In the Kingdom of Darkness, the Blind Rule

(or, Recession?  What Recession?)

As I perused the Sunday paper business and career section this afternoon, I encountered a familiar-looking article.  It was addressed to novice job-hunters, and the subject was negotiating salary in the course of a job interview.  There were a lot of cautions about how employers probably don’t have as much wiggle room in setting salaries these days, so the job applicant shouldn’t make unrealistic demands, and shouldn’t talk about pay and benefits at all until everything else has been dealt with.

Nothing surprising, I suppose.  Similar to stuff I’ve read in the business and career sections before, except for the recession-linked cautions.

And I kept blinking and asking myself, “What planet does this writer live on?  Negotiate for salary?”

I found myself remembering stories my friends told me about their jobhunts.  One woman, who was switching career fields in her 30s or so, was asked by a prospective employer how much she had in mind for compensation.  She named a figure slightly lower than what she had been getting in her previous field.  The employer said quickly, “Oh no, we never pay our girls that much.”  Young feminist that she was, she was unable to keep herself from asking, “Yes, but what do you pay your women?”  Needless to say, she didn’t get the job.

Another friend of mine, who before becoming the stay-at-home mother of a child with a disability, had been a crackerjack executive secretary, interviewed for a part-time secretarial job with a nonprofit.  The ad she was responding to offered a pay range from $5.00 to $7.50 an hour (this was twenty-some years ago.)  After laying out her experience and skills, she asked about compensation, and the interviewer told her it would be six dollars an hour.  My friend reiterated her experience and skills, and pointed out that surely that ought to be worth $7.50.  (If it wasn’t, I told her later, then the $7.50 was reserved for Katherine Gibbs herself.) The interviewer drew herself up, in a huff, and said, “You can’t tell me how much money I’ll pay you.”  So much for negotiation.  My friend actually managed not to point out that she could, at least, decide how much it was worth her while to accept, when working would involve paying for commuting, work clothes, and child care, and that Lincoln had, after all, freed the slaves a while back.  She simply walked out and took her skills elsewhere.

Some years later, I worked in a law office that handled employment discrimination cases.  I interviewed at least three prospective clients with precisely the same story, all unknown to each other and working in entirely different fields, so these are independent cases.  All three of them had been fired after asking for a raise.  The employer’s rationale, in all three cases, was:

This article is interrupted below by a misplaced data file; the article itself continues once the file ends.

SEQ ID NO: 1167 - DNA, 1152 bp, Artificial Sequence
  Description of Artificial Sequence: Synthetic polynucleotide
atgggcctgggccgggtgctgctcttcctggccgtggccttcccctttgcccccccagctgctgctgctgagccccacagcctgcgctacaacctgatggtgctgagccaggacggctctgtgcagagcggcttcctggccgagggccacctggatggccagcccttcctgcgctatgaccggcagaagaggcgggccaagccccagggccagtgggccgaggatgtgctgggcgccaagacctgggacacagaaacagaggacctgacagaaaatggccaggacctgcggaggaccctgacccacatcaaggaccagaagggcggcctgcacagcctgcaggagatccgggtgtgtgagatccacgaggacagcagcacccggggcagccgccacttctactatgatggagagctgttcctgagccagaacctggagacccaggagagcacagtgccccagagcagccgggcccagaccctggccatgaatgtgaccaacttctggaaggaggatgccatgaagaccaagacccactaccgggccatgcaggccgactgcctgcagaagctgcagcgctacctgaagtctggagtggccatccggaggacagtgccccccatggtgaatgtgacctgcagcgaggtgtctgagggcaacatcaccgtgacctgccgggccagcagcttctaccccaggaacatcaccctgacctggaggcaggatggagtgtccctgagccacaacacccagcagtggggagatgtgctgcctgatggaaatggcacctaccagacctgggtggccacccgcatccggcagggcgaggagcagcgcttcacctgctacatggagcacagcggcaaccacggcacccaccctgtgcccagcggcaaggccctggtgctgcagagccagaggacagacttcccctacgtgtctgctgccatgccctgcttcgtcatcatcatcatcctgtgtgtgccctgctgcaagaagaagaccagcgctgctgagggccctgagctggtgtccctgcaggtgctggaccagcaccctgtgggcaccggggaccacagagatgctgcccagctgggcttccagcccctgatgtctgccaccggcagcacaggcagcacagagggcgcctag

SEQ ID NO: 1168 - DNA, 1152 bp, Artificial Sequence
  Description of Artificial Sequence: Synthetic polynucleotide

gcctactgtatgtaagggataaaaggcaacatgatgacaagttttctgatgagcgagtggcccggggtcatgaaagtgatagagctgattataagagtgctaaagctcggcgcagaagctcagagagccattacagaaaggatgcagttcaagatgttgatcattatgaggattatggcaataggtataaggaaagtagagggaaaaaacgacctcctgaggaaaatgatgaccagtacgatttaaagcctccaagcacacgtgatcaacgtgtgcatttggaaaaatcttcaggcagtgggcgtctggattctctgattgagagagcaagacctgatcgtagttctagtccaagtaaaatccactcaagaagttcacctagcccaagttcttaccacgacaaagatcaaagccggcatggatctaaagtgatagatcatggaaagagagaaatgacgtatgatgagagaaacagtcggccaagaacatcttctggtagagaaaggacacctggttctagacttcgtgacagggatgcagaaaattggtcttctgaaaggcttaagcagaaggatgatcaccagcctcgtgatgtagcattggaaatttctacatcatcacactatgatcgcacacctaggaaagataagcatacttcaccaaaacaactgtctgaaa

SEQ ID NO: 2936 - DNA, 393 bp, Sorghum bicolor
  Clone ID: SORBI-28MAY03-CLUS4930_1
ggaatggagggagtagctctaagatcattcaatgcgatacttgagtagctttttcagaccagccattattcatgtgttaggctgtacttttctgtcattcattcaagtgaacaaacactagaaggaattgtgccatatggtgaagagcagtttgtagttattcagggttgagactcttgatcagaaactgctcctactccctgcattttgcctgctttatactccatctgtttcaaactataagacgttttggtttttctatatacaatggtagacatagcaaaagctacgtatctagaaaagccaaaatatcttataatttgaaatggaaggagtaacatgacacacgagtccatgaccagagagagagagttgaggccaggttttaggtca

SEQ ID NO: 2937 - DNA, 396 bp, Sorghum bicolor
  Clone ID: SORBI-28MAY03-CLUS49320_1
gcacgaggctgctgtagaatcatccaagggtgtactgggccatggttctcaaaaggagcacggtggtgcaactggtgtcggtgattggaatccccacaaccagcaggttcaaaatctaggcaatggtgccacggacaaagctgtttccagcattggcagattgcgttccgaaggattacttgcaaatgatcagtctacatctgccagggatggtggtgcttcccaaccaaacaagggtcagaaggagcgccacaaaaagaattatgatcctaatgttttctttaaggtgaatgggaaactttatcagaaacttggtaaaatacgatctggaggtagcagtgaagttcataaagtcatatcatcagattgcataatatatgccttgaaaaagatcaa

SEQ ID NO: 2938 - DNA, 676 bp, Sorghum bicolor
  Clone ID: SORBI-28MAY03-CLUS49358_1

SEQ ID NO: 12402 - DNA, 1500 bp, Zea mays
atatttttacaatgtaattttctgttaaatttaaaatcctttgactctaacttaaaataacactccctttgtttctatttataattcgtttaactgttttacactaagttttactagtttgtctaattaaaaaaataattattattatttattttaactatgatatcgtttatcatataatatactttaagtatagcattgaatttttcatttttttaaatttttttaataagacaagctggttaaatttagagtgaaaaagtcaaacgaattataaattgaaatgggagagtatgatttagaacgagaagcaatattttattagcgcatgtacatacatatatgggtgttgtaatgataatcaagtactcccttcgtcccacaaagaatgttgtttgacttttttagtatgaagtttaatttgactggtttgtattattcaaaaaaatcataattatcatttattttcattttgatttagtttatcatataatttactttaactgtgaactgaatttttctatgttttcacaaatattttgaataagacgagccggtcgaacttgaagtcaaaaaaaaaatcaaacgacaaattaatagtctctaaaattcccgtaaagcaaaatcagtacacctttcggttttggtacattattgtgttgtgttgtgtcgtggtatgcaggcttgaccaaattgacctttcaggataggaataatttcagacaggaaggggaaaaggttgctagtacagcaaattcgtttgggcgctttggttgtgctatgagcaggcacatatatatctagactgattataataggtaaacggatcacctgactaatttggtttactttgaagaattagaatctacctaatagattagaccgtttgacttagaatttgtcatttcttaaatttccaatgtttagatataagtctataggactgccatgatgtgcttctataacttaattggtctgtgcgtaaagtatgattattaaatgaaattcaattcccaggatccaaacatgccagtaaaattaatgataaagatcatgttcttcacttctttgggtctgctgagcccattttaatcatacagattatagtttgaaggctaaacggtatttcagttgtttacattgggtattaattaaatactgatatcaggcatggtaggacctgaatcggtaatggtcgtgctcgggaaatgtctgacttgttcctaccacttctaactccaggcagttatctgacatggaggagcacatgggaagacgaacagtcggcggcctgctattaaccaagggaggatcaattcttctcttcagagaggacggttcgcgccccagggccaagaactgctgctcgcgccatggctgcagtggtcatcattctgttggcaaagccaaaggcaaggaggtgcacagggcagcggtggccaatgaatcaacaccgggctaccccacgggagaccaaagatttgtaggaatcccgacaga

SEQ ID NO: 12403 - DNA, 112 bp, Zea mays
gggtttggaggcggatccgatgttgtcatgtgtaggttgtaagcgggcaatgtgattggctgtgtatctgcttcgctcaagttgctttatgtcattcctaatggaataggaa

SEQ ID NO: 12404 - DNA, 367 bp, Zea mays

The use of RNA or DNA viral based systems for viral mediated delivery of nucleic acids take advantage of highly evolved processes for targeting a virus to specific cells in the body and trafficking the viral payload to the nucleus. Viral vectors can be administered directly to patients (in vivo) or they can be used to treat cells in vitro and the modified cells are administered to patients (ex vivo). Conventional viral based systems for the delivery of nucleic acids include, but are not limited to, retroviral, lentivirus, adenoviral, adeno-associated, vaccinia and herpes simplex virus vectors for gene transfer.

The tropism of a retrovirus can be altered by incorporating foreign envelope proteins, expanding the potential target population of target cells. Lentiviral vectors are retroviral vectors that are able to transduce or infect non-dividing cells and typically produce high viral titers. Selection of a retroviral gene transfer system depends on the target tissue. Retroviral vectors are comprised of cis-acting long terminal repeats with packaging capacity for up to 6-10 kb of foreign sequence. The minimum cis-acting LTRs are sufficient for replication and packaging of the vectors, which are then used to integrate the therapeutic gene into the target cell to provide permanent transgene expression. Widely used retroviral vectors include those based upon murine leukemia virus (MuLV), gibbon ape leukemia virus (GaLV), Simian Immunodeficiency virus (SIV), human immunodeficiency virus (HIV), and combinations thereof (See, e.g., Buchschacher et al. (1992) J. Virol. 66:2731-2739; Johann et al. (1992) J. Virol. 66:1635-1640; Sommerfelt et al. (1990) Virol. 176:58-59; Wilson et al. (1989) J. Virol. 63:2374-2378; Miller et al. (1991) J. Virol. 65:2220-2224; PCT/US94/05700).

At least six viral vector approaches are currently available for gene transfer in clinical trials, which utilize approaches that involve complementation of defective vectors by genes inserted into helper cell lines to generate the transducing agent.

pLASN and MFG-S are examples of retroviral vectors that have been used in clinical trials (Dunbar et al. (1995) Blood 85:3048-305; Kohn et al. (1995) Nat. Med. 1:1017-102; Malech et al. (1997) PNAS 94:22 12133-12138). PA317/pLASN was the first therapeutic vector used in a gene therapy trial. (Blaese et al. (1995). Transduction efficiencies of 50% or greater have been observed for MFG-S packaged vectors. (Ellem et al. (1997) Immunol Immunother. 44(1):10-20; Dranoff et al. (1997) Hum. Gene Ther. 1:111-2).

1. Asking for a raise = refusing to continue working at the current salary
2. Refusing to continue at the current salary = insubordination
3. Insubordination = valid grounds for firing.
Unfortunately, the law provided no remedy for any of these people, and I had to send two of them on their way. (The third had a reasonably decent case for discrimination aside from the immediate cause of her firing.)

In short, the job market in which my friends, my clients, and I have been operating since back in the ‘70s anyway was one in which the average job applicant or employee had no leverage and no ability whatever to negotiate salary, either before or after being hired—well before the current recession was a twinkle in George Bush’s eye.  And we are all well-educated, competent women with no serious self-esteem problems.

Well, okay, some things have changed. I got my first job in Chicago only after the nice lady from the employment agency I was working with was asked by the employer what method of birth control I used, and she told him I was on the Pill.  (Which in turn was only a couple of months after a phone call with the landlord of the apartment we were applying to rent at long distance, while we were still in Boston, in which he asked us what our “ethnic background” was, and we actually felt obliged to tell him.  And we weren’t even tempted to show up in blackface.  So yes, Virginia, the Civil Rights Act really did make a difference.)

Similarly, all the career articles one sees in business sections these days tell people it’s okay to have been fired or laid off, it’s happening to everybody, and nobody thinks it says anything about your competence or industriousness.  This is apparently something new, due to the Recession.

Mr. Wired was fired, sometimes very traumatically, at least 8 or 9 times in a total working life of 20 years.  I managed to get traumatically fired only 3 times over a somewhat longer period, but I suspect that’s because I was usually making a lot less money than he was.  Both of us have been characterized by most of our employers and co-workers as competent and energetic, but we were both a bit tone-deaf to office politics, I think.  If either of us had taken it personally or let it jam up our jobhunts, we would probably be living on the street by now.  But back then, nobody even talked about what to do after getting fired.  It just didn’t happen to Our Kind of People, apparently.  So we operated in the dark and managed to remain among the employed without any advice from the experts.

In short, we have apparently lived in our own private recession for the last 40 years, while the rest of the world was flourishing like the green bay tree.  Which no doubt gives us an advantage over a lot of other people who are just now getting dumped into the cold tub we have been swimming in for years.

Either that, or until very recently, everybody else has been lying.

Care to guess which?

Red Emma

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